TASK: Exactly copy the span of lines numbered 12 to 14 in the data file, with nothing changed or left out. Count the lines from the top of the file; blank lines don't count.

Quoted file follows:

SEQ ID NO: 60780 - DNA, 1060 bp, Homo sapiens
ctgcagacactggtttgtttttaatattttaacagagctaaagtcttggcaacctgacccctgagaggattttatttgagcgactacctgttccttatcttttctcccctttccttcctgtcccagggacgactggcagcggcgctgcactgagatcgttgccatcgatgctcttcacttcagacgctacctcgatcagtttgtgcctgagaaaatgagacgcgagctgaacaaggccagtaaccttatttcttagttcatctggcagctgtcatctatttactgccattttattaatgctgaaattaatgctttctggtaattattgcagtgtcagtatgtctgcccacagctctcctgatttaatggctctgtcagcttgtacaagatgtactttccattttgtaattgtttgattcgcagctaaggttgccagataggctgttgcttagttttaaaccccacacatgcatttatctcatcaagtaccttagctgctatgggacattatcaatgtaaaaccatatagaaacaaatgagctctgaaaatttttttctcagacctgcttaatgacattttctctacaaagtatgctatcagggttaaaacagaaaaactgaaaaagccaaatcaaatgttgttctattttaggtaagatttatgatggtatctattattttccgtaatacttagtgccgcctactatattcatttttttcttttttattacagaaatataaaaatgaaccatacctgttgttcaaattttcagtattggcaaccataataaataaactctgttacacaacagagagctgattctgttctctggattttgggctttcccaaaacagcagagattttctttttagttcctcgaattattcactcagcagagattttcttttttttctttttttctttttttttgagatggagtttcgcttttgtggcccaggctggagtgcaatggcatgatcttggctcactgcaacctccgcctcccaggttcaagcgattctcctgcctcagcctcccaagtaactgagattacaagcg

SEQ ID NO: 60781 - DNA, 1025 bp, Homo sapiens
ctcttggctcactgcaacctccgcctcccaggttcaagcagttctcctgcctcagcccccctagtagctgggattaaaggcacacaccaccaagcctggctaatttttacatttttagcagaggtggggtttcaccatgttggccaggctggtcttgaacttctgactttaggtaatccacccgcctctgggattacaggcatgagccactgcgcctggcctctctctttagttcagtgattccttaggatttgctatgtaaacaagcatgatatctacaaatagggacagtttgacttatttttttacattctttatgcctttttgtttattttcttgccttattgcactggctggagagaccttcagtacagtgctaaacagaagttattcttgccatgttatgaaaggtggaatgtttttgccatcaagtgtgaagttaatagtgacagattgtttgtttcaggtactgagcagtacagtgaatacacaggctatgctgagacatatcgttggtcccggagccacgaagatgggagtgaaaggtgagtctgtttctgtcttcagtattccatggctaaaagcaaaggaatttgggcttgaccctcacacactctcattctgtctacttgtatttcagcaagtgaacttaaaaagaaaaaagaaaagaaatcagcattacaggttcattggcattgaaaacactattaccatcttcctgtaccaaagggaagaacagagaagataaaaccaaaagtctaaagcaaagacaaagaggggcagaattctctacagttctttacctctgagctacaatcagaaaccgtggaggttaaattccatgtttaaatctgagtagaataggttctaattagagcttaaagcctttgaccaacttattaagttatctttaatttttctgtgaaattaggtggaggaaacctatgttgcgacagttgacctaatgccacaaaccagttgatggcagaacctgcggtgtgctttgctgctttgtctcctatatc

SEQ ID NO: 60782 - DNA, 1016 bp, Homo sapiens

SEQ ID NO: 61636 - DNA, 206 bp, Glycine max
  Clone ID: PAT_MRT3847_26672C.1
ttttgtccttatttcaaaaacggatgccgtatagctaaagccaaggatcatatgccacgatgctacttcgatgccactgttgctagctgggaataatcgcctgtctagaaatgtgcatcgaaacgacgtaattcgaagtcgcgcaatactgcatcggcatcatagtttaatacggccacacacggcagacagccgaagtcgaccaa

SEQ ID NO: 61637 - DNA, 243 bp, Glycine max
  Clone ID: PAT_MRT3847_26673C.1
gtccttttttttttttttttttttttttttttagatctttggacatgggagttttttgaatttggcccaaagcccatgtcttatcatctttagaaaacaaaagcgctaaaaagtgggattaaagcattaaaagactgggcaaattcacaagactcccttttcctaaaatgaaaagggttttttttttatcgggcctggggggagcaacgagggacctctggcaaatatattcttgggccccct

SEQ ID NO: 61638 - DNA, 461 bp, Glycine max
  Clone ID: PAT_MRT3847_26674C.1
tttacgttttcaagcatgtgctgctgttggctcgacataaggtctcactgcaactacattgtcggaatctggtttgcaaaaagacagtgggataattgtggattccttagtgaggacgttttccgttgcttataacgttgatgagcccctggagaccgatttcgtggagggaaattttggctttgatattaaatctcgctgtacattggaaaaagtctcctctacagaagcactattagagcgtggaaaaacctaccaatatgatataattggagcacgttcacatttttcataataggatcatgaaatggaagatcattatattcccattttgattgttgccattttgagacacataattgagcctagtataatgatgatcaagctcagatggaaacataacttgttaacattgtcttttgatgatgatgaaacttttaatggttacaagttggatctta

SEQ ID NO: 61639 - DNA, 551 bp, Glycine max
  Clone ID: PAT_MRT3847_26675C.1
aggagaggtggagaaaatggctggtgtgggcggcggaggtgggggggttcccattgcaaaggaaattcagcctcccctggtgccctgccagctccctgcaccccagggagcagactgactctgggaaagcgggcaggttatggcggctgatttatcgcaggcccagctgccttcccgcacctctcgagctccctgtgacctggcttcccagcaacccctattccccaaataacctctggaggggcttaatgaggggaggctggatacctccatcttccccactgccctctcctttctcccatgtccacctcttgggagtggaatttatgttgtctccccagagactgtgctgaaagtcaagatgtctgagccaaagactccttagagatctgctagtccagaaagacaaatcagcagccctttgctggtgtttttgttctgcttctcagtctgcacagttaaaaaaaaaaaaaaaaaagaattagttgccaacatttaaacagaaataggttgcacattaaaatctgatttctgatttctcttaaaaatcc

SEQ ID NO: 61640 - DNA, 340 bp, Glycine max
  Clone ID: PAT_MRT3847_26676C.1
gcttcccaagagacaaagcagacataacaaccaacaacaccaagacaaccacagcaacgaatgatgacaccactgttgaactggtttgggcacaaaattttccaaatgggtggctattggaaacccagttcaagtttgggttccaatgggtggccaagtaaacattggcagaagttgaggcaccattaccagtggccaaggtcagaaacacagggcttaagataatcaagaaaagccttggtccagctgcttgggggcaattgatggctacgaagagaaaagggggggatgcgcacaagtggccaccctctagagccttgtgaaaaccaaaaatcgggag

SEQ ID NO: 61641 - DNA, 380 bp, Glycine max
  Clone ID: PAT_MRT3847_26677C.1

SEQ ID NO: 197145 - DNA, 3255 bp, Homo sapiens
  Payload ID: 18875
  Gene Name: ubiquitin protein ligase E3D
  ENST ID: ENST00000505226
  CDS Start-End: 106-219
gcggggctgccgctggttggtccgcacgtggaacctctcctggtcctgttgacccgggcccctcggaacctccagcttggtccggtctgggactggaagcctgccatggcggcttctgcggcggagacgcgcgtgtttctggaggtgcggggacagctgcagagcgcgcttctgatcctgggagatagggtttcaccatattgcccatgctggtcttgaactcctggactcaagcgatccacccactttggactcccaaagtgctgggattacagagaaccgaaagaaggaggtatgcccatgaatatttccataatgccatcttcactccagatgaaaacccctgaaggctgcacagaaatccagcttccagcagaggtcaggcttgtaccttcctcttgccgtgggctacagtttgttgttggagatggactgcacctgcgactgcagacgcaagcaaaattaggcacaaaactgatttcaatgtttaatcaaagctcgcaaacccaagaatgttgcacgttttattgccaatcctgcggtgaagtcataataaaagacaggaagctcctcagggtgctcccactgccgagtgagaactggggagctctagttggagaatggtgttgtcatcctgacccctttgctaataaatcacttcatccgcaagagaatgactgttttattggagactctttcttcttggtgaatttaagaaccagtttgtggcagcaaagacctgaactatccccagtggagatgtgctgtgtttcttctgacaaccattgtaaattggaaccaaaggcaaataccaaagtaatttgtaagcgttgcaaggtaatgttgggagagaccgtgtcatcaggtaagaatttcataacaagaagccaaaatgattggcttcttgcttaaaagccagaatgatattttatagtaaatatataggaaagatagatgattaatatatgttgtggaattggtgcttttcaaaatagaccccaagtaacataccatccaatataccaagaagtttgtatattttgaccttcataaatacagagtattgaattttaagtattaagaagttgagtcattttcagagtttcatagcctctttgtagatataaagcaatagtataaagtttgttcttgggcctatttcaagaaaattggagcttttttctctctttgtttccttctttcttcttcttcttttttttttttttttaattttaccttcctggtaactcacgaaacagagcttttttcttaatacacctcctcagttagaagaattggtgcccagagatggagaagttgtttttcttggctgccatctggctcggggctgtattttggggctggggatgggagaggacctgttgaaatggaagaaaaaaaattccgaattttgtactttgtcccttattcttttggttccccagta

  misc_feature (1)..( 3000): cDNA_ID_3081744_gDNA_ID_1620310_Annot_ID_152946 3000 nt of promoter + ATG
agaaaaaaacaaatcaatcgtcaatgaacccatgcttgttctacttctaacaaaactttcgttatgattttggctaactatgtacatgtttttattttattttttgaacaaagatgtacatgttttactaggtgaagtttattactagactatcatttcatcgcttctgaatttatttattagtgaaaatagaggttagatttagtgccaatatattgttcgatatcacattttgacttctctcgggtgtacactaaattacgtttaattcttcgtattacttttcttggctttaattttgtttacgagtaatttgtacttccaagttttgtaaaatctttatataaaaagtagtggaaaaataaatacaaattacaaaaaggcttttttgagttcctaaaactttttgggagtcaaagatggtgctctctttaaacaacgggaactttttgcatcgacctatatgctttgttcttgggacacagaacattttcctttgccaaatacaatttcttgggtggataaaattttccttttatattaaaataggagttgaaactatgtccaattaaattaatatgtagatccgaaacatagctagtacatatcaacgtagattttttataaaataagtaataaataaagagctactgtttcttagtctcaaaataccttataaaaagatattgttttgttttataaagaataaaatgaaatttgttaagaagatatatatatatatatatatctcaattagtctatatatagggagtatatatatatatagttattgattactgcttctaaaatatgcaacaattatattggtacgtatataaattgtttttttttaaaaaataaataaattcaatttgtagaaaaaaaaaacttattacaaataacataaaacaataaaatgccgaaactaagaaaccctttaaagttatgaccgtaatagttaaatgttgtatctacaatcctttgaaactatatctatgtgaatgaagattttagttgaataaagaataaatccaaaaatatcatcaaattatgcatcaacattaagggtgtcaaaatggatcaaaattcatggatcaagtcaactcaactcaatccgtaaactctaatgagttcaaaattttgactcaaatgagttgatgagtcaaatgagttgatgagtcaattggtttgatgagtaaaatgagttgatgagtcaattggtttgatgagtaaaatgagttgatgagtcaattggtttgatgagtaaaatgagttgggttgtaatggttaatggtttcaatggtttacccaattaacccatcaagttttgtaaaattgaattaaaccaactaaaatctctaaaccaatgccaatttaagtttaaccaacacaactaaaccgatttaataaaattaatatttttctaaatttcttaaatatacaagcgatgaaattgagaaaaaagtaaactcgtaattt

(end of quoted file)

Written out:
SEQ ID NO: 61638 - DNA, 461 bp, Glycine max
  Clone ID: PAT_MRT3847_26674C.1
tttacgttttcaagcatgtgctgctgttggctcgacataaggtctcactgcaactacattgtcggaatctggtttgcaaaaagacagtgggataattgtggattccttagtgaggacgttttccgttgcttataacgttgatgagcccctggagaccgatttcgtggagggaaattttggctttgatattaaatctcgctgtacattggaaaaagtctcctctacagaagcactattagagcgtggaaaaacctaccaatatgatataattggagcacgttcacatttttcataataggatcatgaaatggaagatcattatattcccattttgattgttgccattttgagacacataattgagcctagtataatgatgatcaagctcagatggaaacataacttgttaacattgtcttttgatgatgatgaaacttttaatggttacaagttggatctta